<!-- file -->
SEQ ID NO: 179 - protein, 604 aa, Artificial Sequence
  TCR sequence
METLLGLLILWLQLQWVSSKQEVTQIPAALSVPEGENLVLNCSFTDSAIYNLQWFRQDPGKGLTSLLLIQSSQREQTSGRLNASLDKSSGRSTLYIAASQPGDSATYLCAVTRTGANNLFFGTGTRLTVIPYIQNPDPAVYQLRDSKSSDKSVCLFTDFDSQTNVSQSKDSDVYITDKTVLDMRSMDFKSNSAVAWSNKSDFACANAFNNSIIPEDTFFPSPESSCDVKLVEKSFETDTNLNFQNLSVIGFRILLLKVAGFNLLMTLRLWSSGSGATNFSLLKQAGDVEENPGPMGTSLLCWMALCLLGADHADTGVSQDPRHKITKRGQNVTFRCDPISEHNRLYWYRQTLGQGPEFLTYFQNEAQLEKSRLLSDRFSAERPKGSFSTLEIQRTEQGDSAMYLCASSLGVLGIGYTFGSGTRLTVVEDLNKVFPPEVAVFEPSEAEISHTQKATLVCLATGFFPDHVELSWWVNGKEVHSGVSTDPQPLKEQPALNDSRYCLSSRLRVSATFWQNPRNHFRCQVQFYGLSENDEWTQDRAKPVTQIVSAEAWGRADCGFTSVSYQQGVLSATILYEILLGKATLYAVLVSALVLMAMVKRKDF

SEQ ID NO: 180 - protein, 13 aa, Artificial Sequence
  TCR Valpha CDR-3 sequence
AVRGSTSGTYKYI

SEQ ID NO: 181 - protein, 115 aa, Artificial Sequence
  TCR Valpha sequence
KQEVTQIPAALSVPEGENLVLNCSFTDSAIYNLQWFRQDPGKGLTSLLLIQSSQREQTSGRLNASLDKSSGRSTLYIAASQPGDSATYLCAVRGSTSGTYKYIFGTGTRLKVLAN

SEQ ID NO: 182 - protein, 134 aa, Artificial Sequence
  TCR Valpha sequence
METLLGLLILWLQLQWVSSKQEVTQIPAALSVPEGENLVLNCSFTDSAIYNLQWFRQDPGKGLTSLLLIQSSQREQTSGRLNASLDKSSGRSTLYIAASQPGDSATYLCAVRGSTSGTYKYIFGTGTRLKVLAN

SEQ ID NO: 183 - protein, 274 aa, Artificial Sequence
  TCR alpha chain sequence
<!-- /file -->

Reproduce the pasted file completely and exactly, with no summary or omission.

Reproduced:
SEQ ID NO: 179 - protein, 604 aa, Artificial Sequence
  TCR sequence
METLLGLLILWLQLQWVSSKQEVTQIPAALSVPEGENLVLNCSFTDSAIYNLQWFRQDPGKGLTSLLLIQSSQREQTSGRLNASLDKSSGRSTLYIAASQPGDSATYLCAVTRTGANNLFFGTGTRLTVIPYIQNPDPAVYQLRDSKSSDKSVCLFTDFDSQTNVSQSKDSDVYITDKTVLDMRSMDFKSNSAVAWSNKSDFACANAFNNSIIPEDTFFPSPESSCDVKLVEKSFETDTNLNFQNLSVIGFRILLLKVAGFNLLMTLRLWSSGSGATNFSLLKQAGDVEENPGPMGTSLLCWMALCLLGADHADTGVSQDPRHKITKRGQNVTFRCDPISEHNRLYWYRQTLGQGPEFLTYFQNEAQLEKSRLLSDRFSAERPKGSFSTLEIQRTEQGDSAMYLCASSLGVLGIGYTFGSGTRLTVVEDLNKVFPPEVAVFEPSEAEISHTQKATLVCLATGFFPDHVELSWWVNGKEVHSGVSTDPQPLKEQPALNDSRYCLSSRLRVSATFWQNPRNHFRCQVQFYGLSENDEWTQDRAKPVTQIVSAEAWGRADCGFTSVSYQQGVLSATILYEILLGKATLYAVLVSALVLMAMVKRKDF

SEQ ID NO: 180 - protein, 13 aa, Artificial Sequence
  TCR Valpha CDR-3 sequence
AVRGSTSGTYKYI

SEQ ID NO: 181 - protein, 115 aa, Artificial Sequence
  TCR Valpha sequence
KQEVTQIPAALSVPEGENLVLNCSFTDSAIYNLQWFRQDPGKGLTSLLLIQSSQREQTSGRLNASLDKSSGRSTLYIAASQPGDSATYLCAVRGSTSGTYKYIFGTGTRLKVLAN

SEQ ID NO: 182 - protein, 134 aa, Artificial Sequence
  TCR Valpha sequence
METLLGLLILWLQLQWVSSKQEVTQIPAALSVPEGENLVLNCSFTDSAIYNLQWFRQDPGKGLTSLLLIQSSQREQTSGRLNASLDKSSGRSTLYIAASQPGDSATYLCAVRGSTSGTYKYIFGTGTRLKVLAN

SEQ ID NO: 183 - protein, 274 aa, Artificial Sequence
  TCR alpha chain sequence